The COVID pandemic has a lot of people obsessed over viruses. Let’s take a tour through one of their evolutionary ancestors (viroids) that runs roughshod over plants that produce our flavor in beer and weed.
Viroids are viruses that don’t have protein coats nor do they require translation of proteins to replicate. They are ‘living’ fossils that predate viruses and usually exhibit Ribozyme activity (catalytic RNA). They are not known to infect humans but they sure do a number on plants.
Some rough estimates imply $4B in annual damages to the Cannabis industry from Hop Latent Viroid. This viroid was first detected in Cannabis sativa’s nearest cousin, Hop or Humulus lupulus. As prohibition was lifted, molecular tools began finding their way into the cannabis industry and next generation sequencing confirmed the existence of this viroid in Cannabis. This is a 256 base pair piece of semi-circular RNA that has no protein coat and does not code for any proteins. Compare this to SARs-CoV-2 which is ~29,900 base pair linear RNA that codes for over 28 proteins including spike, envelope and nucleocapsid proteins.
How does it do this?
The viroid has figured out how to high jack Rolling Circle Amplification (RCA) and RNA ligase in the host plant. When RNA or DNA molecules are circular, they can be replicated like a wheel that becomes and infinite template. This creates long concatemers of the viroid genome. These concatemers are then sliced and diced into 256 base segments with the Ribozyme activity of the original double stranded viroid. Once the genome is diced, plant RNA ligases seal it back into many circles and the process can repeat itself.
What does it look like in Cannabis?
This month, Medicinal Genomics pal, Collin Palmer became concerned over some of his plants that he has cloned successfully for over 20 years. A new addition to his library began showing bizarre phenotypes. The most symptomatic plant was just introduced from a nursery. Cannabis nurseries handle diverse cannabis genetics and clone them for their customers. Cloning is one way way to cheat Mendel. Cannabis can have a SNP every 50 bases so sexually derived seeds are a chemotypic lottery machine and cloning helps to produce consistent THC or CBD levels. The industry is highly regulated on chemotype so cloning is more popular for indoor THC positive plants.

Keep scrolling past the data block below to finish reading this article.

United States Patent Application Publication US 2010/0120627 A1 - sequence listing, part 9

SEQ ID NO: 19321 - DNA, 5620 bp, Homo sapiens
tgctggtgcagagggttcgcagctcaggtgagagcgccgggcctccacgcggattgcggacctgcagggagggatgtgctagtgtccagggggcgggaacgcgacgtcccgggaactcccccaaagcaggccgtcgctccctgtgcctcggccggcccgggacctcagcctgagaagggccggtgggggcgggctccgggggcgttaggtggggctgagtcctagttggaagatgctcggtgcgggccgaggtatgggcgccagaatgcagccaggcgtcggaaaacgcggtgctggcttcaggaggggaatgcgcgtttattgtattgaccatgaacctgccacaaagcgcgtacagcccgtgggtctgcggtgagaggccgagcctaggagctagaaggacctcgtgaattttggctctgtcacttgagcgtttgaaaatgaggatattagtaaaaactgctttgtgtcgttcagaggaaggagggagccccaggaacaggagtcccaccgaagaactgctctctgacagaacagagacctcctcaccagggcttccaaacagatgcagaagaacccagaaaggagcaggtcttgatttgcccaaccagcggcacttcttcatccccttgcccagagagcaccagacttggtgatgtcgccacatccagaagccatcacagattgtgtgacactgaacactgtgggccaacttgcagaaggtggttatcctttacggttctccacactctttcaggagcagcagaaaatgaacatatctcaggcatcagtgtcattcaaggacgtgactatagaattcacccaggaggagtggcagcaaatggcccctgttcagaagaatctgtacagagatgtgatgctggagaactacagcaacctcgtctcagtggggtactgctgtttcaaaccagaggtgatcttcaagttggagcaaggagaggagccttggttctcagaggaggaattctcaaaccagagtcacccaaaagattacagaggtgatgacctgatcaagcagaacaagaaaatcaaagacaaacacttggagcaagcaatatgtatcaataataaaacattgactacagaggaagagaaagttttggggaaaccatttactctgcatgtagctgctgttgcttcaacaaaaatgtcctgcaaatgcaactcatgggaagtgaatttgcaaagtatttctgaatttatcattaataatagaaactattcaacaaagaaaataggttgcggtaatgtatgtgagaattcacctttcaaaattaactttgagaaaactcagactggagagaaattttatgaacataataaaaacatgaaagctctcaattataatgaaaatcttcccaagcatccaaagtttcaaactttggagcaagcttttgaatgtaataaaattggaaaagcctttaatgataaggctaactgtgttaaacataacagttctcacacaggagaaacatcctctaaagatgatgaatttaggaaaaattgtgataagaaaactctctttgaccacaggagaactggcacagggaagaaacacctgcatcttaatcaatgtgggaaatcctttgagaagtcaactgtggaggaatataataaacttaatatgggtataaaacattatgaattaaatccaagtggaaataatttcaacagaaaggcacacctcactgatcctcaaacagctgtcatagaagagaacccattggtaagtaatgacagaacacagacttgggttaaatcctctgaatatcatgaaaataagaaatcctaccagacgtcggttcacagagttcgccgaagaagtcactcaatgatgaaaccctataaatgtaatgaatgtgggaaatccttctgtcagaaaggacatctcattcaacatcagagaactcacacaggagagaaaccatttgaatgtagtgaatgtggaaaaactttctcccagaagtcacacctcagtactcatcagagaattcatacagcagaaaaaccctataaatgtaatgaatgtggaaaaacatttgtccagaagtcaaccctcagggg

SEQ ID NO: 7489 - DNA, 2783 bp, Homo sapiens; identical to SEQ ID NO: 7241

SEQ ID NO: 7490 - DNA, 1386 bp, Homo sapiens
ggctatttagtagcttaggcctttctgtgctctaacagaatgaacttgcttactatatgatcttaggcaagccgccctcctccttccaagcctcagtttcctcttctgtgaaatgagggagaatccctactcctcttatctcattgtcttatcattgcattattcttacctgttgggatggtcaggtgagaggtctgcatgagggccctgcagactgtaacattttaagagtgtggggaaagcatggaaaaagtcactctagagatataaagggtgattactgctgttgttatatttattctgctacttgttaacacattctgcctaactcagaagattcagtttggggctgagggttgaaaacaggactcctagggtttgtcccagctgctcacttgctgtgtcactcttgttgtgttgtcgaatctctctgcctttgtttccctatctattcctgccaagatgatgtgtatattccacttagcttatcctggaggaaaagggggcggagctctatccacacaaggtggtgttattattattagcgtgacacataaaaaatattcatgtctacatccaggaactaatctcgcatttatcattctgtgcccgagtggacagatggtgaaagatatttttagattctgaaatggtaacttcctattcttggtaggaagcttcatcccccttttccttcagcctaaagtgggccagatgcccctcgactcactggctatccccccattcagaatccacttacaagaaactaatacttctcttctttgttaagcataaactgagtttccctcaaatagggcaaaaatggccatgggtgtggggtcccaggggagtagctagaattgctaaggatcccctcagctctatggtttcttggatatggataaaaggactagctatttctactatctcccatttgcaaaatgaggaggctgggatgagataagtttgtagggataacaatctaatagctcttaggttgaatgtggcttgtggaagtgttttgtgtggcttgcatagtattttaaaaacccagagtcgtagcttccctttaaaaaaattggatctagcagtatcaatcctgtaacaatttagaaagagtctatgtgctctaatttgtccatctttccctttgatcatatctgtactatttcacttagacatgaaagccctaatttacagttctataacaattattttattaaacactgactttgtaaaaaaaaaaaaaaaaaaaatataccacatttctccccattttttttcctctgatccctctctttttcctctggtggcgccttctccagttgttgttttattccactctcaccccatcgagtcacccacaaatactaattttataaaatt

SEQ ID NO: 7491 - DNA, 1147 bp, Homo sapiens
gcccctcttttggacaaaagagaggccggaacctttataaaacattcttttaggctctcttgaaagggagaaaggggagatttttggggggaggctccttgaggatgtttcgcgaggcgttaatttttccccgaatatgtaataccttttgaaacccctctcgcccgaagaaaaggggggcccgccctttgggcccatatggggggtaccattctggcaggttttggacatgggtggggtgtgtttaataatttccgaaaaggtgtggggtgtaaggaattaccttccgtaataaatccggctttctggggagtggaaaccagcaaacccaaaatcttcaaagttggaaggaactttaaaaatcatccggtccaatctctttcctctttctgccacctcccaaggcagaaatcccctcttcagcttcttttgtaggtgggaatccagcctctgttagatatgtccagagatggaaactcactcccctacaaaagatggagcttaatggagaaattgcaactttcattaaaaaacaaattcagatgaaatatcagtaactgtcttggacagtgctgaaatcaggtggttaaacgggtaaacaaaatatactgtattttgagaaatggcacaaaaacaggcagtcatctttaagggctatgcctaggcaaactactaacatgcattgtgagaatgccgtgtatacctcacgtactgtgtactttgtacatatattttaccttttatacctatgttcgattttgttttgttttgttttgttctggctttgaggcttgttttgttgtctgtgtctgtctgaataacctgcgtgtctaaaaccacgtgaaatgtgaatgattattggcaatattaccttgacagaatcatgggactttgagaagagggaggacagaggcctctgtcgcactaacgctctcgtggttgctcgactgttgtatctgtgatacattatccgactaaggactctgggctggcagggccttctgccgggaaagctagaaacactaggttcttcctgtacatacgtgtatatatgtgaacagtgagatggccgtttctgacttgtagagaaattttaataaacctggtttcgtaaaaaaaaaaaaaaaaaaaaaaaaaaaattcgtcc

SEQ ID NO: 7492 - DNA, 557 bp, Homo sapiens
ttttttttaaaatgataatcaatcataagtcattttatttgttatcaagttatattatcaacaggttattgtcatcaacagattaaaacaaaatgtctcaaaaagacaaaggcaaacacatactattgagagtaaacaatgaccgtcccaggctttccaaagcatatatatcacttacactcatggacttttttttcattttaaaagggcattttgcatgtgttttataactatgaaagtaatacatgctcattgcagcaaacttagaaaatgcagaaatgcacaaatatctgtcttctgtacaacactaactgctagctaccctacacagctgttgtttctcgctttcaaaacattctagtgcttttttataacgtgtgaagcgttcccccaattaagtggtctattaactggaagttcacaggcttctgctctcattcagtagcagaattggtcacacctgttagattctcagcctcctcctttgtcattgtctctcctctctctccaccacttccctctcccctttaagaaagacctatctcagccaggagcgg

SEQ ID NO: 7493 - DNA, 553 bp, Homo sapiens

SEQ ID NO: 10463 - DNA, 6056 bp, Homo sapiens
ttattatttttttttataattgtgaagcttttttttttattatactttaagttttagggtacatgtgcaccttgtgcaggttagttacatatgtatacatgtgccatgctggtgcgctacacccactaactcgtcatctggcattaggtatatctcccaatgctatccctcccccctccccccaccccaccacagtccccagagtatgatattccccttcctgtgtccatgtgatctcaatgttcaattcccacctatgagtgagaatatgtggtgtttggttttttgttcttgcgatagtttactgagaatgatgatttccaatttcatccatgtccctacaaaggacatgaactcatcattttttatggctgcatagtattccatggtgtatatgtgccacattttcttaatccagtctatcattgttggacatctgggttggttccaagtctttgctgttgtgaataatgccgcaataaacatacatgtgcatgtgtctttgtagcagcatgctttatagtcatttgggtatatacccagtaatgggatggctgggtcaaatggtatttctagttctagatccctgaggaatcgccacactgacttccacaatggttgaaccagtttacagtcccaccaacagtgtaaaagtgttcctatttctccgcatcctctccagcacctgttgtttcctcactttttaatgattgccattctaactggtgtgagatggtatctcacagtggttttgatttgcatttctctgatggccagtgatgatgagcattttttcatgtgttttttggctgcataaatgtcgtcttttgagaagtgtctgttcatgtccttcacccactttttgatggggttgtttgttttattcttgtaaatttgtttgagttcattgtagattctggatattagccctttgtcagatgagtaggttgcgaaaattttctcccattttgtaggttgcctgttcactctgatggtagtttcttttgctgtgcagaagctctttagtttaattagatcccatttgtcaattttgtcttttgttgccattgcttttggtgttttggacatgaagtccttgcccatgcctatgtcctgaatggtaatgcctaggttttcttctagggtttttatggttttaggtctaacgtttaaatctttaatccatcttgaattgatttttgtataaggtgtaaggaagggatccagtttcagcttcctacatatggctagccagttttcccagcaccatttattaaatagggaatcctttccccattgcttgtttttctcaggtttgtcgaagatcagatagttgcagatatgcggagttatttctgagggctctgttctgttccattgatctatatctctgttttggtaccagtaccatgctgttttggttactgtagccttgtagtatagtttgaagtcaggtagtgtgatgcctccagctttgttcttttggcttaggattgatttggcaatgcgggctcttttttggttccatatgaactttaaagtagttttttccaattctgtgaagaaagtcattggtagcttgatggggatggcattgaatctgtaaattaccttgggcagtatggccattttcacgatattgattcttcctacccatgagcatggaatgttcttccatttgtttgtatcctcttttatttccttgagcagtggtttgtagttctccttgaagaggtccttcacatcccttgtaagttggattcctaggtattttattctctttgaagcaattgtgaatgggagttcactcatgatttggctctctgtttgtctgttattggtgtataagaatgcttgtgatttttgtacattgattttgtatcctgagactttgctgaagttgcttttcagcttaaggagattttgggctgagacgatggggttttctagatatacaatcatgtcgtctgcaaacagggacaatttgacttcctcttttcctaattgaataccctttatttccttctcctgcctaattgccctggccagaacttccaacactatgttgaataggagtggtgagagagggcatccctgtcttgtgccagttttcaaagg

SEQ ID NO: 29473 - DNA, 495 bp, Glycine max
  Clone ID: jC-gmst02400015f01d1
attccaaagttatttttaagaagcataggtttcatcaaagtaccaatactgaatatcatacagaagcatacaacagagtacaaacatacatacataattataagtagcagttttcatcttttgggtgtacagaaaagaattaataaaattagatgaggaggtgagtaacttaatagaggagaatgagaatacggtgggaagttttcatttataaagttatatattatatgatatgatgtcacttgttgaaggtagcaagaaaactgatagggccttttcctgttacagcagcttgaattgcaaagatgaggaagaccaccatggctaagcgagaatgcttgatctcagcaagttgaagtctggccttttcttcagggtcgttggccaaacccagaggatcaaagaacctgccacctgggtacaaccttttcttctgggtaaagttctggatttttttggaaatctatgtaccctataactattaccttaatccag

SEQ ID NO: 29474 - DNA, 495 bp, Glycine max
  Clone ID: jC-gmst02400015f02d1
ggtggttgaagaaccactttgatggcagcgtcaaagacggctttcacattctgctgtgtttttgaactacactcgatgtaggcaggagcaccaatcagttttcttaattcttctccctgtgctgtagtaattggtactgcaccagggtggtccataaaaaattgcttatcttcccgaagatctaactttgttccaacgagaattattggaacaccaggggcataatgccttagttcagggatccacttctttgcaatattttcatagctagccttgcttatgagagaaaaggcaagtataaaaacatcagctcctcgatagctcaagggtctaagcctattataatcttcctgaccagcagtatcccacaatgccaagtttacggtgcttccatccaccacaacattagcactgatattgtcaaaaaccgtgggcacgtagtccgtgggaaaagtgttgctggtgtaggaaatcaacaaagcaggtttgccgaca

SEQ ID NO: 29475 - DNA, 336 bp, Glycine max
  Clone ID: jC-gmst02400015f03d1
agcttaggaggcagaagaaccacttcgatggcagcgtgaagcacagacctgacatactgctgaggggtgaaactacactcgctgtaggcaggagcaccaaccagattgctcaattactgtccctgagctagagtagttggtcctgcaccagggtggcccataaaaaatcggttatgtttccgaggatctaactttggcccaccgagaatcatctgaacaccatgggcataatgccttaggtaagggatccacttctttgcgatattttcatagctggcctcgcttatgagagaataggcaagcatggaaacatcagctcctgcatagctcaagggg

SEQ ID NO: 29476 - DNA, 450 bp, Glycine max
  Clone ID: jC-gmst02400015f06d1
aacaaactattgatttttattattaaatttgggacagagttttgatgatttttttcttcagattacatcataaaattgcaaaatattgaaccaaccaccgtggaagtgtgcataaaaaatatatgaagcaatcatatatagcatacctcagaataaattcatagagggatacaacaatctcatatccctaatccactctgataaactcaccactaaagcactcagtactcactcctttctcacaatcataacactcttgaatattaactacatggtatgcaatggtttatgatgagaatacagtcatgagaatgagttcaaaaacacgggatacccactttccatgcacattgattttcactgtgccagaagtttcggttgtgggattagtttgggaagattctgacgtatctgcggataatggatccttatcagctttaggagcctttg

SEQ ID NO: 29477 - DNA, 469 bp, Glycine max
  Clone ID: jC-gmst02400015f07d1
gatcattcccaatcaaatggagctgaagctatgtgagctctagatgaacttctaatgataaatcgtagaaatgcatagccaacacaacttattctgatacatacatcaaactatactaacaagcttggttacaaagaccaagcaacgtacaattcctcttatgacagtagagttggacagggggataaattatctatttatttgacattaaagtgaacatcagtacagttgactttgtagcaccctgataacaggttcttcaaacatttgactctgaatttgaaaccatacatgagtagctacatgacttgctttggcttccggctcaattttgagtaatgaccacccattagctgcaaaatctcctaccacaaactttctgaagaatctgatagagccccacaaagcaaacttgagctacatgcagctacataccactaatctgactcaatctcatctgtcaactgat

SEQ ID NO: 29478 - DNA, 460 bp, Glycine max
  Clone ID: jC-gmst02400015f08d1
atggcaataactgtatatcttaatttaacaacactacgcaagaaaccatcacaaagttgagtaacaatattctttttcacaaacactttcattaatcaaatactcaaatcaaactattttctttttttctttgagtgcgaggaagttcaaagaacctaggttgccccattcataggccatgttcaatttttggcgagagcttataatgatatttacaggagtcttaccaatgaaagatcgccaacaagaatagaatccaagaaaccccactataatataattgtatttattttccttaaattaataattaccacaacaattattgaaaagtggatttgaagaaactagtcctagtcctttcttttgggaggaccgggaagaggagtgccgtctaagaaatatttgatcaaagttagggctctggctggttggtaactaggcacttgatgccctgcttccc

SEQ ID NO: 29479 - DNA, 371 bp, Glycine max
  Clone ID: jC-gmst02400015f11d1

As a result, the nurseries play a critical but challenging role as a nexus of many different plants. Just like Hospitals and Nursing homes with SARs-CoV-2, they can be sources of nosocomial infections and super spreaders if sterile technique ever slips.
We initially tested Collin’s imported symptomatic plant against 10 different viruses/viroids using RT-qPCR as it had the classic look of a Mosaic virus (looks are always deceiving). This is achieved with multiplex qPCR where 3 viruses are detected in a single reaction with the addition of a 4th assay targeting the cannabis genome so viral/viroid loads can be properly counted.
Viruses initially tested:
Hop Latent Viroid (HLVd)
Lettuce Chlorosis Virus (LCV)
Cannabis Cryptic Virus (CCV)
Hop Mosaic Virus
Cucumber Mosaic Virus
Arabis Mosaic Virus
Tobacco Streak Virus
Tobacco Mosaic Virus
Tobacco RingSpot Virus
Beet Curly Top Virus
This Cannabis Internal Control (Green line) is critical as the extraction of the Virus/Viroid from the plant tissue can vary sample to sample and without adjusting for the yield of cannabis DNA recovered, you can’t compare samples to understand viroid load. In the case above, the viroid load is 13+ CT’s (Red, Blue and Purple) earlier than the cannabis genomic DNA. This is 10,000 fold more viroid/virus RNA than the Cannabis genomic DNA.
This is something the COVID Testing space got horribly wrong. In many jurisdictions they were using tests that didn’t have this internal control while speaking about viral loads (some assays did have them in the form of RNaseP assays). This is something known in the field as Delta Delta qPCR. It requires 2 CT values to calculate viral loads (The host and the pathogen) and the COVID testing space was often just running off of one (the pathogen). So when you hear people discussing the viral load in C19, they are often referring to a singular viral CT score which technically is a numerator with no denominator.
Back to the plant…
Only the HLVd qPCR came back positive and it wasn’t constrained to the symptomatic plant. 7 other (7/12) asymptomatic plants were also infected.
In retrospect one could find leaves on the asymptomatic plants that had signs of inter-veinal chlorosis (yellowing between the veins of the leaf) but this is a non-unique symptom that is found in many Calcium or Magnesium deficient plants. Brittle petioles were noticed retrospectively.